Again, he's responsible for that, but again, my call, I would have loved to have that over because I have no room for error in that call.
Q. Is that the way you want to call a game ‑‑ how is that affected by not being able to go to nickel?
COACH DAVIS: I can go to nickel at any time. It's part of our package and in the last three weeks I've sprinkled some of that in. I don't believe I don't have to go to nickel. Just in the passing situations, our dime package has really grown to where we like dime better than nickel, when it's a 50/50 mode, then we go to nickel, and if it's a little bit more run tendency we stay in our base. Q. If DeMeco was here would you go more nickel?
COACH DAVIS: No, DeMeco really, it doesn't factor in. It would be the dime what role he played, but that has not factored in if it's nickel or dime.
Q. Is there anything from a formation standpoint you have not seen much of?
COACH DAVIS: No, they change formations every week and routes. They have a lot of volume of offense, and you get your specific gameplan against Seattle, and they showed us most everything we had seen, maybe one or two new wrinkles that they had for us or they just majored in a little bit more. But nothing that we weren't prepared for.
Q. Trent continues to play at a high level, which is not a surprise. But he's 32 years old. Are you surprised that he is still playing at that level given his age?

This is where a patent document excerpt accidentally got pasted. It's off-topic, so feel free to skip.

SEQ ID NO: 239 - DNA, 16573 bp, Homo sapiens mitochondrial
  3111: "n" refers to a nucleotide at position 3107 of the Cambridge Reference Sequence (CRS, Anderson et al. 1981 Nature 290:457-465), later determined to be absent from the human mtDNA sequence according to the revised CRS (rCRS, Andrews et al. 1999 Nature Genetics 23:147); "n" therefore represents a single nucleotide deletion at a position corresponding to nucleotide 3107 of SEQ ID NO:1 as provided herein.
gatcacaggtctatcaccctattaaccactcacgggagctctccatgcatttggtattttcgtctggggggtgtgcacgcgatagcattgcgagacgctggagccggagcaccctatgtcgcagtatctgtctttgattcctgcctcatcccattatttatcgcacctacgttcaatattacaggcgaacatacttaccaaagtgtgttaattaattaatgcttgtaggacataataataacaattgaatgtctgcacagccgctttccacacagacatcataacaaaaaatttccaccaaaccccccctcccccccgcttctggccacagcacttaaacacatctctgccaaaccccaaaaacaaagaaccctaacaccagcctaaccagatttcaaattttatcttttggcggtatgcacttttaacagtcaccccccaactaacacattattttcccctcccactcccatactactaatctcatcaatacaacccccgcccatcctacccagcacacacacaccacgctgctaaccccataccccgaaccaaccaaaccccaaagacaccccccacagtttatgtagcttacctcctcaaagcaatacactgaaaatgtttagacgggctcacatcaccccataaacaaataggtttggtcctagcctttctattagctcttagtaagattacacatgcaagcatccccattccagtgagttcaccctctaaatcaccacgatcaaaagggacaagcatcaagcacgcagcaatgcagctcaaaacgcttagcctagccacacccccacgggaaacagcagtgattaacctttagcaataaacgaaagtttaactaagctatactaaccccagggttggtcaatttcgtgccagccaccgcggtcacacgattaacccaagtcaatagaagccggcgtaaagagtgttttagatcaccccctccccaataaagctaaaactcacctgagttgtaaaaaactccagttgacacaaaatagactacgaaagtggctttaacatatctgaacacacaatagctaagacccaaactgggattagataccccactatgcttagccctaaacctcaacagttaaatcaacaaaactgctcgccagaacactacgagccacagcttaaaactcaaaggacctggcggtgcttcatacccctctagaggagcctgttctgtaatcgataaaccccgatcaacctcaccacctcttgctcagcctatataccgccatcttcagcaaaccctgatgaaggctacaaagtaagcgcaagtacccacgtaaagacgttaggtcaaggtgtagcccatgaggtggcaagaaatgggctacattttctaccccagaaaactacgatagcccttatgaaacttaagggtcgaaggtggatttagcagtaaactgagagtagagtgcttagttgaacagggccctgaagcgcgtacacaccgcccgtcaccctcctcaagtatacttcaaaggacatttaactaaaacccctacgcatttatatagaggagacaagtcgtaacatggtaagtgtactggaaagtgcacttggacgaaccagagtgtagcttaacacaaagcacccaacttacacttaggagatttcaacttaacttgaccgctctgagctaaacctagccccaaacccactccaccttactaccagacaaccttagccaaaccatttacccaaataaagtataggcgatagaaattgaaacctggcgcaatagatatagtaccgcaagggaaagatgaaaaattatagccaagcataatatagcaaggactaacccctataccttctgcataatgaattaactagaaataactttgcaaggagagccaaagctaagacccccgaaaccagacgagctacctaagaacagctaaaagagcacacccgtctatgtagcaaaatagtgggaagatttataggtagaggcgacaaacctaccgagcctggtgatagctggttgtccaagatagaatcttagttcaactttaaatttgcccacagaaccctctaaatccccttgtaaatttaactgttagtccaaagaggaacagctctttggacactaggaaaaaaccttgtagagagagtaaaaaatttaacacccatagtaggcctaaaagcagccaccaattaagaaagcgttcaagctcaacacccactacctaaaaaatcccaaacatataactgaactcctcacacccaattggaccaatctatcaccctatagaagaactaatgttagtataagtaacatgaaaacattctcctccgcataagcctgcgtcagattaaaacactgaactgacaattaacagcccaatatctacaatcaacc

COACH DAVIS: You know, you take that on individual basis. I've coached a lot of guys that are in their early 30s and it looked like they are in their early 20s. I think it's on an individual basis but, boy, I love the way Trent Cole plays and the energy and the effort he brings is really what separates him. I've never seen him take a play where he does not go all out. We are excited about the level he's playing, especially the older guys late in the season, I think he's playing at his best.
Q. Jenkins came close to having an interception against Seattle. Do you see offenses attacking him any differently or is there any reason why he had a few early? COACH DAVIS: I think they come in bunches. He would have had one the other night. He's been close a couple times. I think they do come in bunches, how much zone you play, how much man sometimes dictates that, single safety, split safety. We are moving in and out of all those concepts. I don't personally see one thing that they are doing.